The pollution abatement is very important nowadays, but the worldwide research needs to develop new “green” technologies [1]. The TiO2-photodegradation of pollutants is an effective alternative to the much more expensive advanced oxidation processes (AOPs), as the VOC‟s degradation is a crucial point in order to improve both air and human health quality [2]. In this study, two different commercial TiO2 samples were tested in the photodegradation of ethanol, chosen as model molecule, but also considering it as an important atmospheric pollutant: ethanol emissions accounted for about 4% of the total VOCs anthropogenic emissions in the UK in 1993 [3]. From a kinetic point of view, the whole process can be simplified considering a two consecutive first order reactions mechanism on the catalyst surface, in which the adsorbed ethanol is converted to acetaldehyde, which is mineralized to carbon dioxide and water (Langmuir-Hinshelwood mechanism). The experimental data were used for the regression of the characteristics kinetic parameters. Photocatalytic degradations were conducted in a cylindrical glass reactor with an ethanol concentration of 400 ppmv; the photon sources were provided by a 500 W UV lamp (Jelosil model HG 500) and the VOC‟s molecules were monitored by a gas chromatography (Agilent 3000 A microGC). The regression of the adsorption and the kinetic constants were made using MATLAB software; the simulated results exhibit a good fit for the test performed using both the micro- and nano-samples. The analysis of the kinetic elaboration gives us important information about the rate of reaction: it is in general increased if catalysed by nanometric sample. Nevertheless, the catalytic properties of micro-samples are confirmed. In particular, considering the degradation of ethanol, the rate of its conversion is not so different for either nanometric or micrometric samples. The micrometric TiO2, less dangerous and less expensive with respect to the nanometric P25, is active as photocatalysts, being able to degrade VOCs into CO2, also if with rate of reaction, and then kinetic constants, lower respect the P25. The good fitting between experimental and simulated results confirms the assumption of a consecutive first order reaction mechanism degradation pathway that is not influenced by the TiO2 crystallites dimension.

Nano and micro-TiO2 for the photodegradation of ethanol: experimental data and kinetic modelling / C.L.M. Bianchi, C. Pirola, F. Galli, M. Stucchi, B. Sacchi, S. Morandi, G. Cerrato, V. Capucci. ((Intervento presentato al convegno Congresso Divisione Chimica Industriale tenutosi a Salerno nel 2015.

Nano and micro-TiO2 for the photodegradation of ethanol: experimental data and kinetic modelling

C.L.M. Bianchi
Primo
;
C. Pirola
Secondo
;
F. Galli;M. Stucchi;B. Sacchi;
2015

Abstract

The pollution abatement is very important nowadays, but the worldwide research needs to develop new “green” technologies [1]. The TiO2-photodegradation of pollutants is an effective alternative to the much more expensive advanced oxidation processes (AOPs), as the VOC‟s degradation is a crucial point in order to improve both air and human health quality [2]. In this study, two different commercial TiO2 samples were tested in the photodegradation of ethanol, chosen as model molecule, but also considering it as an important atmospheric pollutant: ethanol emissions accounted for about 4% of the total VOCs anthropogenic emissions in the UK in 1993 [3]. From a kinetic point of view, the whole process can be simplified considering a two consecutive first order reactions mechanism on the catalyst surface, in which the adsorbed ethanol is converted to acetaldehyde, which is mineralized to carbon dioxide and water (Langmuir-Hinshelwood mechanism). The experimental data were used for the regression of the characteristics kinetic parameters. Photocatalytic degradations were conducted in a cylindrical glass reactor with an ethanol concentration of 400 ppmv; the photon sources were provided by a 500 W UV lamp (Jelosil model HG 500) and the VOC‟s molecules were monitored by a gas chromatography (Agilent 3000 A microGC). The regression of the adsorption and the kinetic constants were made using MATLAB software; the simulated results exhibit a good fit for the test performed using both the micro- and nano-samples. The analysis of the kinetic elaboration gives us important information about the rate of reaction: it is in general increased if catalysed by nanometric sample. Nevertheless, the catalytic properties of micro-samples are confirmed. In particular, considering the degradation of ethanol, the rate of its conversion is not so different for either nanometric or micrometric samples. The micrometric TiO2, less dangerous and less expensive with respect to the nanometric P25, is active as photocatalysts, being able to degrade VOCs into CO2, also if with rate of reaction, and then kinetic constants, lower respect the P25. The good fitting between experimental and simulated results confirms the assumption of a consecutive first order reaction mechanism degradation pathway that is not influenced by the TiO2 crystallites dimension.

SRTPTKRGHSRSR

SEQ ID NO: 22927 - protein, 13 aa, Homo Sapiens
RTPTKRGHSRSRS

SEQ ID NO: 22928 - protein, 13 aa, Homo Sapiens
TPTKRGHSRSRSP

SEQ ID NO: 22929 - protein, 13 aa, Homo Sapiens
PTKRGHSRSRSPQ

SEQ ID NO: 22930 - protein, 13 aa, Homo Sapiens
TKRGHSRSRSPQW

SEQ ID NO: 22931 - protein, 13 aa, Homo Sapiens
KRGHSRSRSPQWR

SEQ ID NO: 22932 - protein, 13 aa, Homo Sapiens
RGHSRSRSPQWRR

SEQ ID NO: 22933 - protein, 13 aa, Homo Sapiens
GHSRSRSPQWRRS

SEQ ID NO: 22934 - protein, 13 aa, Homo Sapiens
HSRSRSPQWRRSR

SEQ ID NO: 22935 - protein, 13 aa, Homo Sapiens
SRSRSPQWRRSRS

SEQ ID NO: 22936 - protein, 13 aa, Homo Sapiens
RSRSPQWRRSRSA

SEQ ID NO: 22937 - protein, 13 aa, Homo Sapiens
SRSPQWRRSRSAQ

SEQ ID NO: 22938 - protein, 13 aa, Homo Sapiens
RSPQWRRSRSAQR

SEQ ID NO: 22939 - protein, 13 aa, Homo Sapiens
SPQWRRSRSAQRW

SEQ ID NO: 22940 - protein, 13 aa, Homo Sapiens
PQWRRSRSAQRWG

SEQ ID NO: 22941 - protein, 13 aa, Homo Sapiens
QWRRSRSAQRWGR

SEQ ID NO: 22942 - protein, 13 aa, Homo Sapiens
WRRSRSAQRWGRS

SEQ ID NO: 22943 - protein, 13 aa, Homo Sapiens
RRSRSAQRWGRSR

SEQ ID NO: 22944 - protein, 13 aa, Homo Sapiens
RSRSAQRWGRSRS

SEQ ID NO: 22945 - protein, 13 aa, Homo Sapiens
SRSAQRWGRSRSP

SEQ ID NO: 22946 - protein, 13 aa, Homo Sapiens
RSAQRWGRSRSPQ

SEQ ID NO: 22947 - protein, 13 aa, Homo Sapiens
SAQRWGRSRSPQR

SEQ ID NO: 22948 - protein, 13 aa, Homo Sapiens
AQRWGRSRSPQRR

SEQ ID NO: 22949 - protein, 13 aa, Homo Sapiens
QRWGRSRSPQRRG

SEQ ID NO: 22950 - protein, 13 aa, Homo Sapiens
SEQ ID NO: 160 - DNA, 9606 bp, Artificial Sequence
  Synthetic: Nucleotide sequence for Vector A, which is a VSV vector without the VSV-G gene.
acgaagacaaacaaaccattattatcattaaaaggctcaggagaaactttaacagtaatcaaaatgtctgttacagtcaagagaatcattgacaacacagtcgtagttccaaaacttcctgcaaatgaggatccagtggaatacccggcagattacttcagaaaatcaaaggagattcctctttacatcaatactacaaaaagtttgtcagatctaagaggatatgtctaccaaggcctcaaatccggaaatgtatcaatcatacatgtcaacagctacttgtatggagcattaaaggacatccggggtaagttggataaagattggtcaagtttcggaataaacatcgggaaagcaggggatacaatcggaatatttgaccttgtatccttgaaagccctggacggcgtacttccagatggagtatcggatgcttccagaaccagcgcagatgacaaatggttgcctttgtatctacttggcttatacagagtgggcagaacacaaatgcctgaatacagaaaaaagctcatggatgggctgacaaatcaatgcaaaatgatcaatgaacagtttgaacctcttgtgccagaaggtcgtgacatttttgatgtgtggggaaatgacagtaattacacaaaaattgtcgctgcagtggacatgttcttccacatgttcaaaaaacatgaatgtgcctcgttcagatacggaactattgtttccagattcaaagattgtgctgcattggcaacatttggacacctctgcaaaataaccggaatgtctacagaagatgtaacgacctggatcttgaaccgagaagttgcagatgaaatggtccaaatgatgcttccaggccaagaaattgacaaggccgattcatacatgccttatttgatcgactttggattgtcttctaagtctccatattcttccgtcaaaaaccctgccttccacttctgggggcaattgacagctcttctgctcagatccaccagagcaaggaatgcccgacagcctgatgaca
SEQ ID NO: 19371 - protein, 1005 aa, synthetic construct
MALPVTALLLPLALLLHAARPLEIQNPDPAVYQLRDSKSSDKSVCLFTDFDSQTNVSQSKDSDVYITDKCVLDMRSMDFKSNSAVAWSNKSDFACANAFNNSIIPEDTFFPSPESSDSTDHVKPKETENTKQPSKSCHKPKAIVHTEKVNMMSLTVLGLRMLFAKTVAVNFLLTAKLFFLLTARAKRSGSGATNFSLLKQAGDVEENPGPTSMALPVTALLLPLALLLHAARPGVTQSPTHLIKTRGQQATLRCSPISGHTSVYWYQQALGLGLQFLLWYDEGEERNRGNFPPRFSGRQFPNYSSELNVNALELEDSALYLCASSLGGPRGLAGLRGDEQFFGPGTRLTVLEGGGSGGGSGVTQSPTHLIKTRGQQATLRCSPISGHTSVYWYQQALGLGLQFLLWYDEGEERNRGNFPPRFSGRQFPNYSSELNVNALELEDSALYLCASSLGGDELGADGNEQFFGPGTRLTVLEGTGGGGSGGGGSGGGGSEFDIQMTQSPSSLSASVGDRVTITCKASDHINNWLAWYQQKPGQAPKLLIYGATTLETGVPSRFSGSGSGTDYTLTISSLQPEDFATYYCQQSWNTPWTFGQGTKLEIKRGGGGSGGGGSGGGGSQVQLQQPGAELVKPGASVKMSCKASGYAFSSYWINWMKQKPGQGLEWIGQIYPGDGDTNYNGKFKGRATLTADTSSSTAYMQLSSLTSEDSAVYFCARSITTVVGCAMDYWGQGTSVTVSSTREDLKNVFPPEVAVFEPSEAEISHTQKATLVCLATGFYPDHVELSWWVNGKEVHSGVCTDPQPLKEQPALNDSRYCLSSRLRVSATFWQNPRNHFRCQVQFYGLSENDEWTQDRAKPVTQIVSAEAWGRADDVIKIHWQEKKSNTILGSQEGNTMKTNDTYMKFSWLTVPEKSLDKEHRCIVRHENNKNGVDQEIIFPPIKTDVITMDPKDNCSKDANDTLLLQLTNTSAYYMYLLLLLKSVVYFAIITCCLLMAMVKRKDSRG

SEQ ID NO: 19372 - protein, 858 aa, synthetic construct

Settore ING-IND/25 - Impianti Chimici
Settore CHIM/04 - Chimica Industriale
SCI
Nano and micro-TiO2 for the photodegradation of ethanol: experimental data and kinetic modelling / C.L.M. Bianchi, C. Pirola, F. Galli, M. Stucchi, B. Sacchi, S. Morandi, G. Cerrato, V. Capucci. ((Intervento presentato al convegno Congresso Divisione Chimica Industriale tenutosi a Salerno nel 2015.
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Utilizza questo identificativo per citare o creare un link a questo documento: https://hdl.handle.net/2434/317232
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